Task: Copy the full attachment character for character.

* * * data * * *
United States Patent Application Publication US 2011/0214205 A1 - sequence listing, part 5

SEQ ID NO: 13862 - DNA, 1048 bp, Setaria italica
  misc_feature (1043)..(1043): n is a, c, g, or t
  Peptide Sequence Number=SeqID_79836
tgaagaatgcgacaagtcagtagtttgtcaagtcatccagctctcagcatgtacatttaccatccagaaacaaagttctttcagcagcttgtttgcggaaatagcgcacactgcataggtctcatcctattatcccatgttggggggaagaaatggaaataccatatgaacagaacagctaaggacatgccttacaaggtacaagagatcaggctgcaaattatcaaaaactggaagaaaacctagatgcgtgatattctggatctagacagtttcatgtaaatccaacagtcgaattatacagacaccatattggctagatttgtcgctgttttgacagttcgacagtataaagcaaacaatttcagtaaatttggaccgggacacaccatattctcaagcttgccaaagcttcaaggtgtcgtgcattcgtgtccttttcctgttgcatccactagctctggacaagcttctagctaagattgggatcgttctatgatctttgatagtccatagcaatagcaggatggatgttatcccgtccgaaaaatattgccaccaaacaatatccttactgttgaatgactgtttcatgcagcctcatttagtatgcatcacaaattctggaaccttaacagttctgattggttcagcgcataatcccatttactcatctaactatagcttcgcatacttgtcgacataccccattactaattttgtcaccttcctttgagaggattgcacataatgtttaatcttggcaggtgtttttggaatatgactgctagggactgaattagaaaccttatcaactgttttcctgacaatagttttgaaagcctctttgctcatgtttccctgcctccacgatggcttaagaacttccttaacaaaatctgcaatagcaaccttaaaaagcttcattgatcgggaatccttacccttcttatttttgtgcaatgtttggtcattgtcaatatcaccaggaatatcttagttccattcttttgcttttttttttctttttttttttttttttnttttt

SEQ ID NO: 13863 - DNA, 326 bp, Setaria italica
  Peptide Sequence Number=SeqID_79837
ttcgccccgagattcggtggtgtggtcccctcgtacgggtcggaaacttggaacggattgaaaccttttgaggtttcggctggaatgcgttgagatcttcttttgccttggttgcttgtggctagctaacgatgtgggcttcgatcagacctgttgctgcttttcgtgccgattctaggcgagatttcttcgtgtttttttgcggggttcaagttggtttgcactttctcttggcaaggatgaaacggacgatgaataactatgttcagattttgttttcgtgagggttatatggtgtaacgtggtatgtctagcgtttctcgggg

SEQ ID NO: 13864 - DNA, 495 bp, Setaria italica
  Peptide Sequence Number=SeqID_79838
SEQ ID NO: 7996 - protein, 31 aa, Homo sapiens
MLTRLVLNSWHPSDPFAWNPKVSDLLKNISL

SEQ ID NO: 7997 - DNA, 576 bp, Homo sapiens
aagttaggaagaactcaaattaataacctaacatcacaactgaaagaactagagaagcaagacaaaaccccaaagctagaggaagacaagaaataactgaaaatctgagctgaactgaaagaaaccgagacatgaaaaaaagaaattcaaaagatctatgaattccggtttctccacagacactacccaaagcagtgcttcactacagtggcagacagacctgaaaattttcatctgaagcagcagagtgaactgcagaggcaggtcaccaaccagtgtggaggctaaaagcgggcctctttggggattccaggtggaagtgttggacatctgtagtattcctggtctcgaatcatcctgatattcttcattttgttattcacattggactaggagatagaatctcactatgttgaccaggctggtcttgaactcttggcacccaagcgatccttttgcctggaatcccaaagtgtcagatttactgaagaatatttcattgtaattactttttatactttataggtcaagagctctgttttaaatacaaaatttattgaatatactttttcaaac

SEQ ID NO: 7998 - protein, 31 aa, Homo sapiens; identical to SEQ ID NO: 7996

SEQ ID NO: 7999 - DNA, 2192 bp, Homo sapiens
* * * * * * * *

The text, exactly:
United States Patent Application Publication US 2011/0214205 A1 - sequence listing, part 5

SEQ ID NO: 13862 - DNA, 1048 bp, Setaria italica
  misc_feature (1043)..(1043): n is a, c, g, or t
  Peptide Sequence Number=SeqID_79836
tgaagaatgcgacaagtcagtagtttgtcaagtcatccagctctcagcatgtacatttaccatccagaaacaaagttctttcagcagcttgtttgcggaaatagcgcacactgcataggtctcatcctattatcccatgttggggggaagaaatggaaataccatatgaacagaacagctaaggacatgccttacaaggtacaagagatcaggctgcaaattatcaaaaactggaagaaaacctagatgcgtgatattctggatctagacagtttcatgtaaatccaacagtcgaattatacagacaccatattggctagatttgtcgctgttttgacagttcgacagtataaagcaaacaatttcagtaaatttggaccgggacacaccatattctcaagcttgccaaagcttcaaggtgtcgtgcattcgtgtccttttcctgttgcatccactagctctggacaagcttctagctaagattgggatcgttctatgatctttgatagtccatagcaatagcaggatggatgttatcccgtccgaaaaatattgccaccaaacaatatccttactgttgaatgactgtttcatgcagcctcatttagtatgcatcacaaattctggaaccttaacagttctgattggttcagcgcataatcccatttactcatctaactatagcttcgcatacttgtcgacataccccattactaattttgtcaccttcctttgagaggattgcacataatgtttaatcttggcaggtgtttttggaatatgactgctagggactgaattagaaaccttatcaactgttttcctgacaatagttttgaaagcctctttgctcatgtttccctgcctccacgatggcttaagaacttccttaacaaaatctgcaatagcaaccttaaaaagcttcattgatcgggaatccttacccttcttatttttgtgcaatgtttggtcattgtcaatatcaccaggaatatcttagttccattcttttgcttttttttttctttttttttttttttttnttttt

SEQ ID NO: 13863 - DNA, 326 bp, Setaria italica
  Peptide Sequence Number=SeqID_79837
ttcgccccgagattcggtggtgtggtcccctcgtacgggtcggaaacttggaacggattgaaaccttttgaggtttcggctggaatgcgttgagatcttcttttgccttggttgcttgtggctagctaacgatgtgggcttcgatcagacctgttgctgcttttcgtgccgattctaggcgagatttcttcgtgtttttttgcggggttcaagttggtttgcactttctcttggcaaggatgaaacggacgatgaataactatgttcagattttgttttcgtgagggttatatggtgtaacgtggtatgtctagcgtttctcgggg

SEQ ID NO: 13864 - DNA, 495 bp, Setaria italica
  Peptide Sequence Number=SeqID_79838
SEQ ID NO: 7996 - protein, 31 aa, Homo sapiens
MLTRLVLNSWHPSDPFAWNPKVSDLLKNISL

SEQ ID NO: 7997 - DNA, 576 bp, Homo sapiens
aagttaggaagaactcaaattaataacctaacatcacaactgaaagaactagagaagcaagacaaaaccccaaagctagaggaagacaagaaataactgaaaatctgagctgaactgaaagaaaccgagacatgaaaaaaagaaattcaaaagatctatgaattccggtttctccacagacactacccaaagcagtgcttcactacagtggcagacagacctgaaaattttcatctgaagcagcagagtgaactgcagaggcaggtcaccaaccagtgtggaggctaaaagcgggcctctttggggattccaggtggaagtgttggacatctgtagtattcctggtctcgaatcatcctgatattcttcattttgttattcacattggactaggagatagaatctcactatgttgaccaggctggtcttgaactcttggcacccaagcgatccttttgcctggaatcccaaagtgtcagatttactgaagaatatttcattgtaattactttttatactttataggtcaagagctctgttttaaatacaaaatttattgaatatactttttcaaac

SEQ ID NO: 7998 - protein, 31 aa, Homo sapiens; identical to SEQ ID NO: 7996

SEQ ID NO: 7999 - DNA, 2192 bp, Homo sapiens